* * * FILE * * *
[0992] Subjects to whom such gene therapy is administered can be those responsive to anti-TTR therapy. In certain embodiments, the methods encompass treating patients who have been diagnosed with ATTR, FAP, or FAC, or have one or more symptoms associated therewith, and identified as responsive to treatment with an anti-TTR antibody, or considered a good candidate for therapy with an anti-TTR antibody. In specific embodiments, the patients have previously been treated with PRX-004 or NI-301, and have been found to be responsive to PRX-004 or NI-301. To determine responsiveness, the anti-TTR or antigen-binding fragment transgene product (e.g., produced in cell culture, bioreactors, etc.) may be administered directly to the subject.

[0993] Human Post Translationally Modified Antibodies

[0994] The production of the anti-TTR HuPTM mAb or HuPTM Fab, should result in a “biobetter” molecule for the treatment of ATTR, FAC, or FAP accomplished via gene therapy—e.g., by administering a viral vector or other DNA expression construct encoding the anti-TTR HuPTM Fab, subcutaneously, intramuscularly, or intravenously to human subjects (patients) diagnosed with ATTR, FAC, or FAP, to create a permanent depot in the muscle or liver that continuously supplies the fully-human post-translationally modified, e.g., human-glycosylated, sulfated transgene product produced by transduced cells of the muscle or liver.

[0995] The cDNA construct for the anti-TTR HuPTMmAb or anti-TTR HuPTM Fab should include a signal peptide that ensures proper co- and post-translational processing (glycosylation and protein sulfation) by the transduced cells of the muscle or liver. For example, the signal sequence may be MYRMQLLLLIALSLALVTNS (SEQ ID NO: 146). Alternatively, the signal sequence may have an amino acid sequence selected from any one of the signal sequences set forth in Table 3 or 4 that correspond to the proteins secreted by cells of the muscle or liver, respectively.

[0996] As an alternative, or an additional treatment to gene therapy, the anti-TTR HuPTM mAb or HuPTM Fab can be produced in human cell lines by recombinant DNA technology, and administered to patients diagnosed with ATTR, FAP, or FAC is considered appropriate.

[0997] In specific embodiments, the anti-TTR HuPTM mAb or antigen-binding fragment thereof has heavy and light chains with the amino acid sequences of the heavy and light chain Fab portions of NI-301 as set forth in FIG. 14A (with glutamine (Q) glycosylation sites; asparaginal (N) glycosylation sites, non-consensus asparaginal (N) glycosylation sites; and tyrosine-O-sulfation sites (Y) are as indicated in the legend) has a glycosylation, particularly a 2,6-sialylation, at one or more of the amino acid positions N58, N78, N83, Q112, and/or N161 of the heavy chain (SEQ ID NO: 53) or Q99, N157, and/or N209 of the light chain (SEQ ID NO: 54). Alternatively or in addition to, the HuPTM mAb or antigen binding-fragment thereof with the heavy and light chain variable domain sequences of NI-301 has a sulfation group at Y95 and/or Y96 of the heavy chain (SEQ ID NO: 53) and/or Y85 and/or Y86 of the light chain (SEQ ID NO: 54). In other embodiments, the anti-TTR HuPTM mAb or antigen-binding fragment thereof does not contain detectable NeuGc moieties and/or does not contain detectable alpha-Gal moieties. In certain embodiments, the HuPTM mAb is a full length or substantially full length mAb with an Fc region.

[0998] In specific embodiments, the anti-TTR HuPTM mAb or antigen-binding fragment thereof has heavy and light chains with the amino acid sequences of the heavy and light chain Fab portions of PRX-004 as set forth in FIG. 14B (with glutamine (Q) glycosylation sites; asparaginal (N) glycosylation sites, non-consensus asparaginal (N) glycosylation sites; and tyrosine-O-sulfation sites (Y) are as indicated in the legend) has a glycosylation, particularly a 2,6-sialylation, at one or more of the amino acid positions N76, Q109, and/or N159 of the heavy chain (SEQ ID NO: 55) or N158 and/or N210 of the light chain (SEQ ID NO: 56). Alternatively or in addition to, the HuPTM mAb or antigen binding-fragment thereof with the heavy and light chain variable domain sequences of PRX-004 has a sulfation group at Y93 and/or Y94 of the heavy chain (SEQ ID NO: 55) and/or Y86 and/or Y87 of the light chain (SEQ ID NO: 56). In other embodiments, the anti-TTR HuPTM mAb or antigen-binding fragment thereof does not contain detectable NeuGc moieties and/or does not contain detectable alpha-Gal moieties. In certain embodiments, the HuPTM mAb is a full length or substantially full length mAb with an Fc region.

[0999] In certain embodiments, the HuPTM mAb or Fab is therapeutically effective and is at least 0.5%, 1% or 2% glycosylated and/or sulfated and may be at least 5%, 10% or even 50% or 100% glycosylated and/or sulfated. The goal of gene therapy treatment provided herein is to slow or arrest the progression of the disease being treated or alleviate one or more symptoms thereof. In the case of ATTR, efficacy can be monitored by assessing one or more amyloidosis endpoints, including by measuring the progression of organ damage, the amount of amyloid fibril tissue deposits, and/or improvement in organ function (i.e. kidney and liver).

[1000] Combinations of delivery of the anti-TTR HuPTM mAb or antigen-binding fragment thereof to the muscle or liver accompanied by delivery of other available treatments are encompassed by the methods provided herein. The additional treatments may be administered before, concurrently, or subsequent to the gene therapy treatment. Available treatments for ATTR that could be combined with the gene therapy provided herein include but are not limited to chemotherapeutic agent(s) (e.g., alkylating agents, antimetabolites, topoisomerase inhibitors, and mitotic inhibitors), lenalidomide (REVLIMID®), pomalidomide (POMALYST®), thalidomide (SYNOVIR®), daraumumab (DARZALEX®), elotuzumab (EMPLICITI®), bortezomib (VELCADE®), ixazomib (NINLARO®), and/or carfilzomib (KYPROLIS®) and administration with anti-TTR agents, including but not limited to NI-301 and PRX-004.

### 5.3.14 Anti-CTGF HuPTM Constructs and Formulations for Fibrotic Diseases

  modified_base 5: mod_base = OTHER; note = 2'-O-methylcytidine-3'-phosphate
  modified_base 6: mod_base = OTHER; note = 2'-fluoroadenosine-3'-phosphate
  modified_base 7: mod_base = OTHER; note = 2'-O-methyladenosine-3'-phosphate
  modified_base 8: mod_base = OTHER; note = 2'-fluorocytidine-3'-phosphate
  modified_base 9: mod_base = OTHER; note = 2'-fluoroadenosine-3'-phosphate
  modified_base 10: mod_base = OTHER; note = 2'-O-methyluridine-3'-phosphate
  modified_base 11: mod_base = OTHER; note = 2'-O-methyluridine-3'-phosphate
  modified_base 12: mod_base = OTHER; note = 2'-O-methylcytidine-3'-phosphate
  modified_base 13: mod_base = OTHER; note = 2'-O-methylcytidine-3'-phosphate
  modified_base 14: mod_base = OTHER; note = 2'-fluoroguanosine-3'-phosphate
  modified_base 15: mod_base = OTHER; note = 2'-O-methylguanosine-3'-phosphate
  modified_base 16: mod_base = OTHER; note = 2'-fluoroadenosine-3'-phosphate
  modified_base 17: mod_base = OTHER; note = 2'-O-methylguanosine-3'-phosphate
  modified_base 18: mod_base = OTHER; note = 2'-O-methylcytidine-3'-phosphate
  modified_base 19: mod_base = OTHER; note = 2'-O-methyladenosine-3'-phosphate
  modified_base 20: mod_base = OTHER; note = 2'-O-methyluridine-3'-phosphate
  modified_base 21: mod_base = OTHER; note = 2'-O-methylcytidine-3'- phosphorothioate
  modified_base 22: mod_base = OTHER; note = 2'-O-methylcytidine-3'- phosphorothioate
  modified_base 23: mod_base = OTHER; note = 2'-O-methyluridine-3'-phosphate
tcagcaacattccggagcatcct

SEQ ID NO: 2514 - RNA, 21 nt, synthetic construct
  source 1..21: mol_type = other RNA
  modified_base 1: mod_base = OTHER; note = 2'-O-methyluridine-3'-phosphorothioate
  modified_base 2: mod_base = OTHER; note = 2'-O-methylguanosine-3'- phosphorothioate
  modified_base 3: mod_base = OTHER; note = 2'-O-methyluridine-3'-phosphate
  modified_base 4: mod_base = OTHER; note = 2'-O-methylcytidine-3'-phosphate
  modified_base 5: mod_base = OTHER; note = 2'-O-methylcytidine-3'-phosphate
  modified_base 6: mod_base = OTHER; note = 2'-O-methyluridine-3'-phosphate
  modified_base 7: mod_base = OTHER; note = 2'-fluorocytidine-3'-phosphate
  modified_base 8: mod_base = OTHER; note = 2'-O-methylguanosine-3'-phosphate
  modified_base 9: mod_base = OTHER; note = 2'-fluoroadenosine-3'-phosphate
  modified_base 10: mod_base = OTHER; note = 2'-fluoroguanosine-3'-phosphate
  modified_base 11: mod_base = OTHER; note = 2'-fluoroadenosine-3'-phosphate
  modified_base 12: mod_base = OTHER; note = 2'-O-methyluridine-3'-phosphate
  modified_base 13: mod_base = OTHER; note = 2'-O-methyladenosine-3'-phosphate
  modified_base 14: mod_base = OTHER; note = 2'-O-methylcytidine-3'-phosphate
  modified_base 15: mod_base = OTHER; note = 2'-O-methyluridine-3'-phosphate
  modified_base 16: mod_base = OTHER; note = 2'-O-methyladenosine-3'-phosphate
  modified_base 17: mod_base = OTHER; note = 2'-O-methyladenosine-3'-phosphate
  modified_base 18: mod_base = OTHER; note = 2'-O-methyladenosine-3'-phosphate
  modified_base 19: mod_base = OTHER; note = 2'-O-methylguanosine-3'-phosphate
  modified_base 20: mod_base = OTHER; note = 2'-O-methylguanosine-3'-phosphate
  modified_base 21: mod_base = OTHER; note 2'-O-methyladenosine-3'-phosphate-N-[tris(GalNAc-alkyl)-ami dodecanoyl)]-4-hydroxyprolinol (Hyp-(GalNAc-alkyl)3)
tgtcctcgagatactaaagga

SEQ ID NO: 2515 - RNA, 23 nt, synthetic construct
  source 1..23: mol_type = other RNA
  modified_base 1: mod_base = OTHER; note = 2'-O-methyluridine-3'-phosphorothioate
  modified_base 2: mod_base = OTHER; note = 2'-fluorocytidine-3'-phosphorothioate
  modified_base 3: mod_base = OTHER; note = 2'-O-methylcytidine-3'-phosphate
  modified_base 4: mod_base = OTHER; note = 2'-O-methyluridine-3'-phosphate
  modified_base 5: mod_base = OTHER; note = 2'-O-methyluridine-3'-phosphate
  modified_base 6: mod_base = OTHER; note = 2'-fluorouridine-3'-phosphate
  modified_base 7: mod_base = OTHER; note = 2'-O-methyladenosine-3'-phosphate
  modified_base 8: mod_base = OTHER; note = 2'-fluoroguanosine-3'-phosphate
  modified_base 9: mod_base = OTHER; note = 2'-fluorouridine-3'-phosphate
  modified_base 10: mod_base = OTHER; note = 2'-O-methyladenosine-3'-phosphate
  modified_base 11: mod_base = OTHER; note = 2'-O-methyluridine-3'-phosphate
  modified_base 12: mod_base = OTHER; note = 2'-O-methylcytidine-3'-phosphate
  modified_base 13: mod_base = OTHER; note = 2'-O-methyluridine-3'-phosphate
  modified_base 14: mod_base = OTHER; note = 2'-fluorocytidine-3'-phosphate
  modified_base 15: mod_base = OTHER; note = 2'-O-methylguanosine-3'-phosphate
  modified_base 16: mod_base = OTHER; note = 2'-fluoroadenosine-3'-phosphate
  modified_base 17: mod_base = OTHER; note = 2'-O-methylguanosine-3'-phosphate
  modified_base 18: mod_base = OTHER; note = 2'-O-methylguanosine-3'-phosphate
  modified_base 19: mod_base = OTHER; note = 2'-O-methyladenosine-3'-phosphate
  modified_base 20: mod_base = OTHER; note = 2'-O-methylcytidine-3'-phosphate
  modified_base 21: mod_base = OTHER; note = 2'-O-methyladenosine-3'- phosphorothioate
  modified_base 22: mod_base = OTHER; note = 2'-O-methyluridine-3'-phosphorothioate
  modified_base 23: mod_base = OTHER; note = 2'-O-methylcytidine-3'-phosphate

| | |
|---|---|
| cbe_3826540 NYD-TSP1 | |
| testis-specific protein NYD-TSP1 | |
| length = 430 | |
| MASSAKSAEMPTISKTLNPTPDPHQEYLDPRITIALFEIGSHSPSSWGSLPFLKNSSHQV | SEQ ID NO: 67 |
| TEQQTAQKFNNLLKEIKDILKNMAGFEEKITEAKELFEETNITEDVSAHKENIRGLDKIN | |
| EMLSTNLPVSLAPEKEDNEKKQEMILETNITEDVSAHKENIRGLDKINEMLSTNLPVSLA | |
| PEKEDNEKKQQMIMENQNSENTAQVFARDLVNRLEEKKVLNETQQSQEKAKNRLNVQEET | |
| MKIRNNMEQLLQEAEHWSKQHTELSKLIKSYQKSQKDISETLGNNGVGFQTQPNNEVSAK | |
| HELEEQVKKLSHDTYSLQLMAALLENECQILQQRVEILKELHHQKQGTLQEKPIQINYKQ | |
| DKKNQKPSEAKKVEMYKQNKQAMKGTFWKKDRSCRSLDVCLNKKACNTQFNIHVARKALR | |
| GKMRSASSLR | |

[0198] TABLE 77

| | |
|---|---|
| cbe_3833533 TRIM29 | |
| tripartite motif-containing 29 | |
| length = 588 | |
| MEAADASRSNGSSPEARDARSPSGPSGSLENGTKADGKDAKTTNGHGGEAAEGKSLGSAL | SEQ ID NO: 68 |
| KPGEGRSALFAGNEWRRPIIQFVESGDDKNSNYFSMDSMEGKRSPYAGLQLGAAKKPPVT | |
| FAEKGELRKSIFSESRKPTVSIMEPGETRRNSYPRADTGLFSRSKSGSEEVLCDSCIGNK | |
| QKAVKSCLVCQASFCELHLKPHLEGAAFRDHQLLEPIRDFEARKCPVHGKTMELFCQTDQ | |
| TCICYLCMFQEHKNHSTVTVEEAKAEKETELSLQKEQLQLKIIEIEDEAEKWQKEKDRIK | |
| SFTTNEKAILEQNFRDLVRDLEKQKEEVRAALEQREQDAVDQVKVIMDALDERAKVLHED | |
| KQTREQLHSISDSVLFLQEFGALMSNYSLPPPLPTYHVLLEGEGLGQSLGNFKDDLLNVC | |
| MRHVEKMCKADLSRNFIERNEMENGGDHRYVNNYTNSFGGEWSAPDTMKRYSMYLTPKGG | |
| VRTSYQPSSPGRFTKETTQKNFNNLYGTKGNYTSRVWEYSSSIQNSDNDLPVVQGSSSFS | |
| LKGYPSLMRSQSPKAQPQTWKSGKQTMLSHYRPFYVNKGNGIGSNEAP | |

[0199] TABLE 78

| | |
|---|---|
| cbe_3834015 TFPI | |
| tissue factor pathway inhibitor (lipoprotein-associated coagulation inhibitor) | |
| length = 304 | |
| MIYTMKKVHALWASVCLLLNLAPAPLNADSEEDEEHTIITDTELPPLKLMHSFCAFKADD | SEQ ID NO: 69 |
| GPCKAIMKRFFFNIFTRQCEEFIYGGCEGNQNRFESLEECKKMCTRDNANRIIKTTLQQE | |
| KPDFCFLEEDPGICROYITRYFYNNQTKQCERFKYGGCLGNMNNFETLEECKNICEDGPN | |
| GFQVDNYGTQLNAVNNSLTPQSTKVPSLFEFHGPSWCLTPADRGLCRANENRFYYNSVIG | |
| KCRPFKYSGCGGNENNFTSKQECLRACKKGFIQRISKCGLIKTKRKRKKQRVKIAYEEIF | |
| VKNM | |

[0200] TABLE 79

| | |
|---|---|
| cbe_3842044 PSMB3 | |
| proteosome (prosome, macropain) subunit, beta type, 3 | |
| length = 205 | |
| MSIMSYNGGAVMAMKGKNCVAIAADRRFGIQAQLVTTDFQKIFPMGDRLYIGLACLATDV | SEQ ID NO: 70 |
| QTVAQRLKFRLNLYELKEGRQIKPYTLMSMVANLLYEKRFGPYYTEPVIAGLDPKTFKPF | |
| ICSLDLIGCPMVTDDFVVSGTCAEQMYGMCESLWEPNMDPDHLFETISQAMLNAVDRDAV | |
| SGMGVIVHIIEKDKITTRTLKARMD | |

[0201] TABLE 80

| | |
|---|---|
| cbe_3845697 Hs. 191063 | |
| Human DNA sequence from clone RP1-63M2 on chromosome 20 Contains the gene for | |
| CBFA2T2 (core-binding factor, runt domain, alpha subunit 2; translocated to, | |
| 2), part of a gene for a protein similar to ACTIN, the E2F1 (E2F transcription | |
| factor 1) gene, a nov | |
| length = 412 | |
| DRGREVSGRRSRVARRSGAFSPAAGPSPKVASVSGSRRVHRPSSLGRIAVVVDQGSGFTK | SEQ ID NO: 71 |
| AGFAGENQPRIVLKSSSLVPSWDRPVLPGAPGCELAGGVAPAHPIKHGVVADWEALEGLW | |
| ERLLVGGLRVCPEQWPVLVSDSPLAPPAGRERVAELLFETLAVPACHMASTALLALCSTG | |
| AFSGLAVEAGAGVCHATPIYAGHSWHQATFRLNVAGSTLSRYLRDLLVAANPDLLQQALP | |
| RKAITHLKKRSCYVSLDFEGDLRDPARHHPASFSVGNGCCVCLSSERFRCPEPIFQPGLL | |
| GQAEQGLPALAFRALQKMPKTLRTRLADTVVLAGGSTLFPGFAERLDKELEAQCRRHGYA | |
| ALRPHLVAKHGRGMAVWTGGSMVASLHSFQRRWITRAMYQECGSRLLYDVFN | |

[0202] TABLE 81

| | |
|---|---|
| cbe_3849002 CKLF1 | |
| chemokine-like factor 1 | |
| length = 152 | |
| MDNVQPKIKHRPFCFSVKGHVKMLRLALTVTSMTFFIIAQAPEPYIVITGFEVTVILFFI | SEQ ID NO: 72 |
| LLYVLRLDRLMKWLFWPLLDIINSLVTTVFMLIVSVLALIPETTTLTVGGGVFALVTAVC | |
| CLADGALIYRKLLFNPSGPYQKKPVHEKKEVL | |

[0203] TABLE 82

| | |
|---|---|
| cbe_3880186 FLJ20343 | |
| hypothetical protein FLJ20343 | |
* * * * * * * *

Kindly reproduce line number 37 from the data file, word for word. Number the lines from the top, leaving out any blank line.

  modified_base 5: mod_base = OTHER; note = 2'-O-methylcytidine-3'-phosphate